It was essential for Luca to establish specific criteria for selecting the rums to be used in the project.
"I looked for the world's top rums based on my personal ranking of distilleries, which I have never disclosed to avoid causing jealousy between my friends... but I will say that I have very few friends outside the top ten!"
The raw ingredients; what is used in the fermentation and distillation process; and how much stock is available – these are the parameters Luca adopted to assess the value of each distillery, without forgetting another all-important element, namely the tasting of the product.
All four rums selected are official bottlings. The dry ingredients were selected together with the distillers and sent to Martinique and Barbados, and the rum was fully aged at the respective distilleries. The pandemic and the shipping crisis have significantly slowed down the project, but the work has never completely stopped and the second release is now in the home stretch.
SAINT JAMES 2006
“This is really a gift from the Cayard family,” says Luca in reference to the first independent bottling by this historic distillery, which dates back to 1765.
Saint James has always been one of Luca's personal top ten distilleries and was selected not just for its long history but for its broad product range. "A 15-year-old rum deserves respect," says Luca, "because it has probably lost 70% of its volume. This is something people should be aware of when drinking rum. That's why I introduced the concept of tropical ageing or, more accurately, distillery ageing."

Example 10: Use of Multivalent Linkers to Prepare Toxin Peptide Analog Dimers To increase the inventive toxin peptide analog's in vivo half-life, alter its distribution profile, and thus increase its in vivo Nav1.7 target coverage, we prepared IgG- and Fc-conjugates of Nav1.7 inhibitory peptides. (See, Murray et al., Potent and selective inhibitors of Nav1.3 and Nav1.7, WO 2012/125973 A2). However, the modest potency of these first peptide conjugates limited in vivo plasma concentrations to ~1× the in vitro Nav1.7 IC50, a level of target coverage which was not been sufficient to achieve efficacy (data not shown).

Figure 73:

“We are very proud to be associated with this project and to represent Saint James and Martinique,” said La Martiniquaise International Marketing Director Sylvia Bernard. "The relationship between Luca and Saint James is long-standing and rich in history. He selected this rum among all of our vintages, which he knows very well."
“This rum is Saint James's youngest vintage,” explained Saint James Production Manager Marc Sassier. "It’s very flavorful, rich in grilled and roasted notes, very powerful."
Another legendary distillery founded in 1753, the Hampden release is a 5-year-old rum produced with a unique fermentation process and technique. One of the specificities of rum is that it reaches peak maturity quite soon, after just 4 or 5 years.
“I'm excited to be a part of this project,” says Christelle Harris, Marketing Director, Hampden. "Thanks to Luca, my uncle Andrew Harris and I now understand the significant potential and true quality of our distillery. We're extremely happy about our partnership with him and Thierry Benitah because this project really takes the entire rum category to a new level. It's also an honor for me personally and a lucky break for Jamaican rum as a whole."
"It's traditionally believed we have 5 senses," says Luca, "but we actually have 12 in all, one of which is taste. We have 4 basic tastes, plus the recently added umami. I believe that after umami we should also add a sixth taste, namely Hampden."